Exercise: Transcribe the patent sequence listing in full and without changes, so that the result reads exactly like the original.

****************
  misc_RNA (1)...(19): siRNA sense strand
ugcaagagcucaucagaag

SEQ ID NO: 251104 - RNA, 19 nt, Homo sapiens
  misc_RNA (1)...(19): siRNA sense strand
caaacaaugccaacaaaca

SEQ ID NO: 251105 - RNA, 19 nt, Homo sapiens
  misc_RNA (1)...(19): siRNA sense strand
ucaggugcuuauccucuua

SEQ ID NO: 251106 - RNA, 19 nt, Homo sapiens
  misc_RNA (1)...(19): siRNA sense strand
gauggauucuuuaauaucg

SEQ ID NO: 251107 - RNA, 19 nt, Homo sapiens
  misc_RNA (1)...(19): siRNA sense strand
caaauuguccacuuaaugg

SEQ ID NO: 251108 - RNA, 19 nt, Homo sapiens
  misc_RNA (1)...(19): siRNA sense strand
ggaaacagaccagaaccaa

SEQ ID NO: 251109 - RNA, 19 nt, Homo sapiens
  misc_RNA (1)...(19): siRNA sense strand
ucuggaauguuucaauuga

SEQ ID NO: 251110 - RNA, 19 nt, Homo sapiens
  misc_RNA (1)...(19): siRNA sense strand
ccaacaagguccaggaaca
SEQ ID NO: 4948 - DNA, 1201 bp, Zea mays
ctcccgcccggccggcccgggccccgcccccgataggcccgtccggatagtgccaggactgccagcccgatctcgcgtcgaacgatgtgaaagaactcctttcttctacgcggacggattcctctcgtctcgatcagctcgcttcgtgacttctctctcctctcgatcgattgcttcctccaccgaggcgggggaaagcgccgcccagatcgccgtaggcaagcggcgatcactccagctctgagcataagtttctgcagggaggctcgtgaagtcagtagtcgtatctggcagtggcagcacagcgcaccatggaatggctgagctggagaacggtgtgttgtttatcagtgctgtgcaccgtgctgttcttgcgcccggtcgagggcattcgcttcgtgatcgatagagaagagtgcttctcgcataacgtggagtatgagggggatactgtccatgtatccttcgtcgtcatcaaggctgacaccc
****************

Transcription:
  misc_RNA (1)...(19): siRNA sense strand
ugcaagagcucaucagaag

SEQ ID NO: 251104 - RNA, 19 nt, Homo sapiens
  misc_RNA (1)...(19): siRNA sense strand
caaacaaugccaacaaaca

SEQ ID NO: 251105 - RNA, 19 nt, Homo sapiens
  misc_RNA (1)...(19): siRNA sense strand
ucaggugcuuauccucuua

SEQ ID NO: 251106 - RNA, 19 nt, Homo sapiens
  misc_RNA (1)...(19): siRNA sense strand
gauggauucuuuaauaucg

SEQ ID NO: 251107 - RNA, 19 nt, Homo sapiens
  misc_RNA (1)...(19): siRNA sense strand
caaauuguccacuuaaugg

SEQ ID NO: 251108 - RNA, 19 nt, Homo sapiens
  misc_RNA (1)...(19): siRNA sense strand
ggaaacagaccagaaccaa

SEQ ID NO: 251109 - RNA, 19 nt, Homo sapiens
  misc_RNA (1)...(19): siRNA sense strand
ucuggaauguuucaauuga

SEQ ID NO: 251110 - RNA, 19 nt, Homo sapiens
  misc_RNA (1)...(19): siRNA sense strand
ccaacaagguccaggaaca
SEQ ID NO: 4948 - DNA, 1201 bp, Zea mays
ctcccgcccggccggcccgggccccgcccccgataggcccgtccggatagtgccaggactgccagcccgatctcgcgtcgaacgatgtgaaagaactcctttcttctacgcggacggattcctctcgtctcgatcagctcgcttcgtgacttctctctcctctcgatcgattgcttcctccaccgaggcgggggaaagcgccgcccagatcgccgtaggcaagcggcgatcactccagctctgagcataagtttctgcagggaggctcgtgaagtcagtagtcgtatctggcagtggcagcacagcgcaccatggaatggctgagctggagaacggtgtgttgtttatcagtgctgtgcaccgtgctgttcttgcgcccggtcgagggcattcgcttcgtgatcgatagagaagagtgcttctcgcataacgtggagtatgagggggatactgtccatgtatccttcgtcgtcatcaaggctgacaccc